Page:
You had to know this one was coming.
For our fifth and final installment of FilterEasy’s Tips for an Efficient Home, we want to remind you to change your air filters. There aren’t many routine home maintenance practices that are forgotten with more regularity than the air filter change. You should change your air filter on regular intervals multiple times a year, but we all know that someone who hasn’t even looked at their air filters in years ( that's been us too, once upon a time).
Changing your air filter is one of the easiest ways to keep your home efficient. It’s probably the easiest of any practices highlighted in this series. That’s because it’s as simple as opening your vent, taking out the old one, and putting in the new one, or at least it’s that simple (shameless plug inbound) when you use FilterEasy.
Air filters do two things. They clean the air that circulates through your HVAC system, allowing you to breathe fresh air inside your home, and they preserve the health of said system by keeping particles and gunk from building up on it. Your system runs more efficiently with a quality air filter installed and will last longer as the result of reduced stress.
First, you need the right air filter. Skip the fiberglass and go straight to pleated. Fiberglass air filters is a bit of a misnomer since they are horrible at filtration. They do virtually nothing to keep pollutants out of your air. It’s better for air flow immediately, because it offers so little resistance, but detrimental to the long-term health of your system (and you!), as all the particles that pass through can build up on your HVAC coils and shorten the lifespan. This can result in costly repairs and even replacement.
Pleated air filters are the best option for your health and your HVAC’s health. Their construction allows for much more effective and efficient filtration, which keeps that nasty stuff out of your lungs and off your system. Unless your HVAC is quite old (like really old), the more tightly wound construction of a pleated air filter won’t starve your unit of air flow. You've heard that last bit before. We're here to dispel that myth. You ready?
Great question. It does so in two ways. Efficient air flow through your vents minimizes the work your HVAC has to do to keep your home the desired temperature. An air starved system must run harder and longer to do so, which drives up your energy usage and ultimately your electrical bill.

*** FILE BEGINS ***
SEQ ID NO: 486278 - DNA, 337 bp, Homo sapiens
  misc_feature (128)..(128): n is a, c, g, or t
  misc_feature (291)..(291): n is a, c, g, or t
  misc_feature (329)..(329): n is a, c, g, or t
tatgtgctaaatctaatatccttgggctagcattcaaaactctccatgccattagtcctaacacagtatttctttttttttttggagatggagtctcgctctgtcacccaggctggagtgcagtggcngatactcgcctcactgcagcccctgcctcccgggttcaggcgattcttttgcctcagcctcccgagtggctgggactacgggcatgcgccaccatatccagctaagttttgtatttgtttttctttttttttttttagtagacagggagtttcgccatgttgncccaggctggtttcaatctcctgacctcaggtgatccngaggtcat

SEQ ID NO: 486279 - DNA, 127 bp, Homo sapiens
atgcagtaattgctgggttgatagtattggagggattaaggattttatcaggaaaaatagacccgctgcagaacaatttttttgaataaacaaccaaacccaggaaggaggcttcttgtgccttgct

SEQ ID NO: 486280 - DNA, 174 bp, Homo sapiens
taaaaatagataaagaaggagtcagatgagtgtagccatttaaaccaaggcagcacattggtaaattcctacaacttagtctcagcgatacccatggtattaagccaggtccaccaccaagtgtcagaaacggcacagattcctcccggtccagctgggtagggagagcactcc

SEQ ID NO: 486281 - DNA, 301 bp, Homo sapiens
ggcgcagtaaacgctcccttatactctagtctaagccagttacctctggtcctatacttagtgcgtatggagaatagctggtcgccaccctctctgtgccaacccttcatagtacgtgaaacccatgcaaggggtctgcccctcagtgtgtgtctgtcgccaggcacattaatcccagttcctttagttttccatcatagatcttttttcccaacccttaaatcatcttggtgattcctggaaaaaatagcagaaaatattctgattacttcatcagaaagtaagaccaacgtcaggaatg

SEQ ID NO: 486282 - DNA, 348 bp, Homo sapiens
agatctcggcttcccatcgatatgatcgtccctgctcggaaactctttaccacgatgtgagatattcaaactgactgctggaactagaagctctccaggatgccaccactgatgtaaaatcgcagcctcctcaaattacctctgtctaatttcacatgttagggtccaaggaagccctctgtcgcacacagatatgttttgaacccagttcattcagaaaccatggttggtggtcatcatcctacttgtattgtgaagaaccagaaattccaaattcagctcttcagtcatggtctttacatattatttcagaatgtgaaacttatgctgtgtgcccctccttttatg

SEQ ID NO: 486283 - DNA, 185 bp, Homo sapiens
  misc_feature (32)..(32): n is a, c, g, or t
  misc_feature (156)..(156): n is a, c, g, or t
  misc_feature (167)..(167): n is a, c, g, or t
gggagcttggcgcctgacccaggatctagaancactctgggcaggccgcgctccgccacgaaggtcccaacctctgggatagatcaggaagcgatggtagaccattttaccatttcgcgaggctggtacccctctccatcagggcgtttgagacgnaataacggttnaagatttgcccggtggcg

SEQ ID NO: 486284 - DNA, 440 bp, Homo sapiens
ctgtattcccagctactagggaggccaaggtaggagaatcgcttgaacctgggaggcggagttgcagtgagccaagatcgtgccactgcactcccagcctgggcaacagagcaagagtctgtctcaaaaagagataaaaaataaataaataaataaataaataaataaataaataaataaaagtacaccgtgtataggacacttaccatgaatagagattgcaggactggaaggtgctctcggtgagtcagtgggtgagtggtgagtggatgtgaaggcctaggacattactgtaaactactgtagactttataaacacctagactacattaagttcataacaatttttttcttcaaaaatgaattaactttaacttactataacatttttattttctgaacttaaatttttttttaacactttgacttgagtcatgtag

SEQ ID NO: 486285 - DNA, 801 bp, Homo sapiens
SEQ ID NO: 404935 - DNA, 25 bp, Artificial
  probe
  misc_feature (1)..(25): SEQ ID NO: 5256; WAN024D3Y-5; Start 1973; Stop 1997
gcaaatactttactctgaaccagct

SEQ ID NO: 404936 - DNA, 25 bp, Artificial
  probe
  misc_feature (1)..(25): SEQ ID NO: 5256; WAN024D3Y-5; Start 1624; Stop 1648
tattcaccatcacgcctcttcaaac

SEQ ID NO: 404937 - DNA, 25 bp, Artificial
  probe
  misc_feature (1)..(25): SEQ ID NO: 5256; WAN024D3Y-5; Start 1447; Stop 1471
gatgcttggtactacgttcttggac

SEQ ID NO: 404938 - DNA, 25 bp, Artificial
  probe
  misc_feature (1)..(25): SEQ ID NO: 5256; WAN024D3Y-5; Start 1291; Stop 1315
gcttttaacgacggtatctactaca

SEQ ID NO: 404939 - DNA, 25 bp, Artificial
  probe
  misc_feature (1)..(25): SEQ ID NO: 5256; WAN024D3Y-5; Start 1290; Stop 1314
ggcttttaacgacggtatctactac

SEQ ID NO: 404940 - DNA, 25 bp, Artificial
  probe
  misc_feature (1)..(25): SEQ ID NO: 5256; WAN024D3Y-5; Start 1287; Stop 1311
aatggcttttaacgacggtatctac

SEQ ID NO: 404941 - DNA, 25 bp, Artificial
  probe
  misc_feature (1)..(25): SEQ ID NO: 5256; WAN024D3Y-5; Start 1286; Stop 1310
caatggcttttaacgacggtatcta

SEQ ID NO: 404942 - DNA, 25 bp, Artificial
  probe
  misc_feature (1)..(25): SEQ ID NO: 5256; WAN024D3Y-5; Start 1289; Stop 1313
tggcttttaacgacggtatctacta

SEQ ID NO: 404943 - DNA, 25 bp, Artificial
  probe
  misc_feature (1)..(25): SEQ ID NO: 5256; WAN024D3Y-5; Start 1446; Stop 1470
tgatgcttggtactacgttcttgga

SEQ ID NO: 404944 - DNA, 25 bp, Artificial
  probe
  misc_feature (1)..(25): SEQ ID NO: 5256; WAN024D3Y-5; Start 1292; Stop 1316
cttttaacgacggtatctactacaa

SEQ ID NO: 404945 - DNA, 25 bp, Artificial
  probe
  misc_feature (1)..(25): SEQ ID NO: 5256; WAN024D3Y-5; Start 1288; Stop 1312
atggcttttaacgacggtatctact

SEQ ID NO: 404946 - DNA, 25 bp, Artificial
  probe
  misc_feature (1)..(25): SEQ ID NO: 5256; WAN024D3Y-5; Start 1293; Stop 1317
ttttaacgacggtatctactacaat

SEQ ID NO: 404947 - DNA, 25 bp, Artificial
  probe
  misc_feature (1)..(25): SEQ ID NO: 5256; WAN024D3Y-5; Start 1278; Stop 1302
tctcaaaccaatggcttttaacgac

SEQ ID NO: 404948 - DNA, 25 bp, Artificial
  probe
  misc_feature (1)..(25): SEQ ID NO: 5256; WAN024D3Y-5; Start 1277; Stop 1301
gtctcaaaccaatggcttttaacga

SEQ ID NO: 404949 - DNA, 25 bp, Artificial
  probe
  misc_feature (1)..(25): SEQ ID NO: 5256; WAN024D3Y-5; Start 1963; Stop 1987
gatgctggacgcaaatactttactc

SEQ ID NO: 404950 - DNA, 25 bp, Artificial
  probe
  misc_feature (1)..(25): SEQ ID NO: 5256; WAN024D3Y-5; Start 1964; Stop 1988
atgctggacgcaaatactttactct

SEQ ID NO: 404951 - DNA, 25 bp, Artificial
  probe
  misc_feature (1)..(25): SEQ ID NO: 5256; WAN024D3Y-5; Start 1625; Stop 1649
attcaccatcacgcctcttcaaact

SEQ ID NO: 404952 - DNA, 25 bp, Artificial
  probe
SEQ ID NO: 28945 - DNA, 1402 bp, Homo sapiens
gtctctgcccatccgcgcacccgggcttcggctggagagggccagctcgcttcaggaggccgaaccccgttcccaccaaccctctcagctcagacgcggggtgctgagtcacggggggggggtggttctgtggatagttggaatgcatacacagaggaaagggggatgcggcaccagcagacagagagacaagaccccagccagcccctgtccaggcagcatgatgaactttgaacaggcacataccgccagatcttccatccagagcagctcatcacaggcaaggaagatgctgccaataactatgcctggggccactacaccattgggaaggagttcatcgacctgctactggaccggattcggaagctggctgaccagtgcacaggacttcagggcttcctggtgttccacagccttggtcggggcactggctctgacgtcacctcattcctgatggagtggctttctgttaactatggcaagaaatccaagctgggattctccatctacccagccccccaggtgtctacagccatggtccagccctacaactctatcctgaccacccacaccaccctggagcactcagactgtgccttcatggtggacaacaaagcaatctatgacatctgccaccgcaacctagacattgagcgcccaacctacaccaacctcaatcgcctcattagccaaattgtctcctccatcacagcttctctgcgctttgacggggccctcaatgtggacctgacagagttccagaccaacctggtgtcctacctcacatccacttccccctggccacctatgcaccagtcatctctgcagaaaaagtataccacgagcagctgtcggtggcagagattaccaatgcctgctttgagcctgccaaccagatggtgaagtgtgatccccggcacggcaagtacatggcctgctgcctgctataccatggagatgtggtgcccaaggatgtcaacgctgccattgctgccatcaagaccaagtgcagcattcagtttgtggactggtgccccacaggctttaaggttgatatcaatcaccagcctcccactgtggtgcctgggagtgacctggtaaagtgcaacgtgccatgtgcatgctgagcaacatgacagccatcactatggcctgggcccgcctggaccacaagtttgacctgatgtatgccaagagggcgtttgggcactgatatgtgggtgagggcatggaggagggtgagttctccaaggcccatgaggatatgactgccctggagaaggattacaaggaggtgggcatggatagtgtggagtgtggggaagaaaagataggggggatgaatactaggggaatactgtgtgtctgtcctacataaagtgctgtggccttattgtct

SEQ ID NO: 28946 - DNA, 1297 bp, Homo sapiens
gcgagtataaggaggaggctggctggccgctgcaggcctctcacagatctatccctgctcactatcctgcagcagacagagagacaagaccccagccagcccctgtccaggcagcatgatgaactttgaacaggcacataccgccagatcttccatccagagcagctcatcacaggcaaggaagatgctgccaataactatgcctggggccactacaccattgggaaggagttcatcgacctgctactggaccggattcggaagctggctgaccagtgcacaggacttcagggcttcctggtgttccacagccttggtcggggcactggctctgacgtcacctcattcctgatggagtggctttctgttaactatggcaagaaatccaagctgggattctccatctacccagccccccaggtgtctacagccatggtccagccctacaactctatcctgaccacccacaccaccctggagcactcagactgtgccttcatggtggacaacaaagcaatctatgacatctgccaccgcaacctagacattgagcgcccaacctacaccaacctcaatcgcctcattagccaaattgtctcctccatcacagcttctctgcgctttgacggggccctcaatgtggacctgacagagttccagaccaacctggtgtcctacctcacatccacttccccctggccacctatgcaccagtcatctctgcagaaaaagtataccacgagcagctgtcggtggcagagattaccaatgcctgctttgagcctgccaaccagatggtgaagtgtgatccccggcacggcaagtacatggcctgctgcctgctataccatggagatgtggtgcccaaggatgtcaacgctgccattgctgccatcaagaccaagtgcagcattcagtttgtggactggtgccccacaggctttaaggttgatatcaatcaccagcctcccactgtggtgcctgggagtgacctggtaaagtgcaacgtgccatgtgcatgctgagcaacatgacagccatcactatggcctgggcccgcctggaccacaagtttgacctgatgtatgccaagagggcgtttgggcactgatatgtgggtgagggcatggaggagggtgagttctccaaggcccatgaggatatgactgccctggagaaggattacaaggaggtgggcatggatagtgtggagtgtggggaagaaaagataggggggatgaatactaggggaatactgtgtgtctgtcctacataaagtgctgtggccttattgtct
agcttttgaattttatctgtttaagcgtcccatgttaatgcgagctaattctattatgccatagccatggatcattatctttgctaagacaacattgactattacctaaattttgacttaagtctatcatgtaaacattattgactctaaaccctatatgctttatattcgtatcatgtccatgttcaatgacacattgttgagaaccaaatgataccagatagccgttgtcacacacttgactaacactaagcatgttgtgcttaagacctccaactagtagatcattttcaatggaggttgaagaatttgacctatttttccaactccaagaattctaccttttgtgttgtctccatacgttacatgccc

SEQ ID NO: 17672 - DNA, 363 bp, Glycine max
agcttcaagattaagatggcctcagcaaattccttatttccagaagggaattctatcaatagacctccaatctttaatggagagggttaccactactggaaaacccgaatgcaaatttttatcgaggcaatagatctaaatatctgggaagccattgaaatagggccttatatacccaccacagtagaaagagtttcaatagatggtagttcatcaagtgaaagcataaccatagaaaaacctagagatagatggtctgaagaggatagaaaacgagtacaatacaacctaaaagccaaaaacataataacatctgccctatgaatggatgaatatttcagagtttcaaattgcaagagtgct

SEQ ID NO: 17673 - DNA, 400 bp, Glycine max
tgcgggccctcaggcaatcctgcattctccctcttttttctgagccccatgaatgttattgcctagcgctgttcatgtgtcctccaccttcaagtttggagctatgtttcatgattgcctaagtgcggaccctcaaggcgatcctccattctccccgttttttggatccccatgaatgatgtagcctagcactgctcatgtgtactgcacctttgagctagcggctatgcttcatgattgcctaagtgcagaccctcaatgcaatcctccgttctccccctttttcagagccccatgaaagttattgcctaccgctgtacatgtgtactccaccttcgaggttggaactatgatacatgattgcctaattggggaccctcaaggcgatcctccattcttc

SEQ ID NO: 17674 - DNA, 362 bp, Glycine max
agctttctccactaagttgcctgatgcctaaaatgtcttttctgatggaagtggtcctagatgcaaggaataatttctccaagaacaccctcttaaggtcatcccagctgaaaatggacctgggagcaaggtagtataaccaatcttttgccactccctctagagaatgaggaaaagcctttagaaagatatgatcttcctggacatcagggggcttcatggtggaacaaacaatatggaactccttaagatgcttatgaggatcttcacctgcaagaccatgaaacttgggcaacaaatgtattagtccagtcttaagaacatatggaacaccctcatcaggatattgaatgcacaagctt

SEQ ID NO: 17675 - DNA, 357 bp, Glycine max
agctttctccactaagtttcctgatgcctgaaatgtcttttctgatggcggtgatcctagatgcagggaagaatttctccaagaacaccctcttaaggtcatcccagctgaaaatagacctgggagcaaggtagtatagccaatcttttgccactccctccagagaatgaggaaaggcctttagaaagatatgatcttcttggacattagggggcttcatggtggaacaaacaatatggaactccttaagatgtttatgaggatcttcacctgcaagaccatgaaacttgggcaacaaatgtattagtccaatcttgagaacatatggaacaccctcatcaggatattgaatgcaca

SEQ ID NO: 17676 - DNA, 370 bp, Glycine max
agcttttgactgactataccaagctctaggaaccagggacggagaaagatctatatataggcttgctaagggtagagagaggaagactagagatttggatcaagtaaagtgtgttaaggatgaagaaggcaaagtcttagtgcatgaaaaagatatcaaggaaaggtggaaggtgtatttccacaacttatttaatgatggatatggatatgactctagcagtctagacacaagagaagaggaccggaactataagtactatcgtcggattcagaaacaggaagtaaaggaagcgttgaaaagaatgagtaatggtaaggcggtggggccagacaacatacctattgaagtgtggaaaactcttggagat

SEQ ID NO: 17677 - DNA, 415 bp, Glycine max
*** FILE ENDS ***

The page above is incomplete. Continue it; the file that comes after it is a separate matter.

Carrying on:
As your air filter catches pollutants, it begins to lose air flow efficiency as it becomes filled with dust, pollen, and any other clean air assailants it has vanquished from your home. It’s good that it’s catching these, but if you leave the filter in too long, the buildup of particle matter starts forcing the HVAC unit to work harder to get air. Now you have a system that’s struggling, thus producing higher energy costs. Swapping out that filter for a new one provides an immediate remedy to that and, as a continued practice, can boost the efficiency of your HVAC system by 15%.
This boosted efficiency can extend the lifespan of your system as well, which will save you money years down the line in addition to the immediate benefits.
Glad you asked. The answer depends on many factors. Typically, we would recommend a change every three months, but certain elements can push this number down. If you live in a heavily polluted area, that filter will get dirty faster. Simply put, a dirty filter does a terrible job of filtering and needs to be changed. Add pets to the equation, and you might need to replace your filter out every one or two months. It will depend entirely on your specific situation.
And that’s how you can save 15% on your heating and cooling costs. Just swap out your air filters four times a year! If you’re interested in not having to remember this (another shameless plug coming in hot), we’ll ship high-quality, USA-made air filters right to your door when it’s time to change them.
Thanks for taking the time to read our tips for an efficient home and we hope we’ve helped you save some money this year. If you’d like to read previous installments, check out the links below.
Part One: How to Pay Off Your Car by Changing Your Light Bulbs
Part Two: Beware of the Draft
Part Three: Your Washing Machine is Stealing Money from You
Part Four: Prepare Your Fireplace and Chimney for the Winter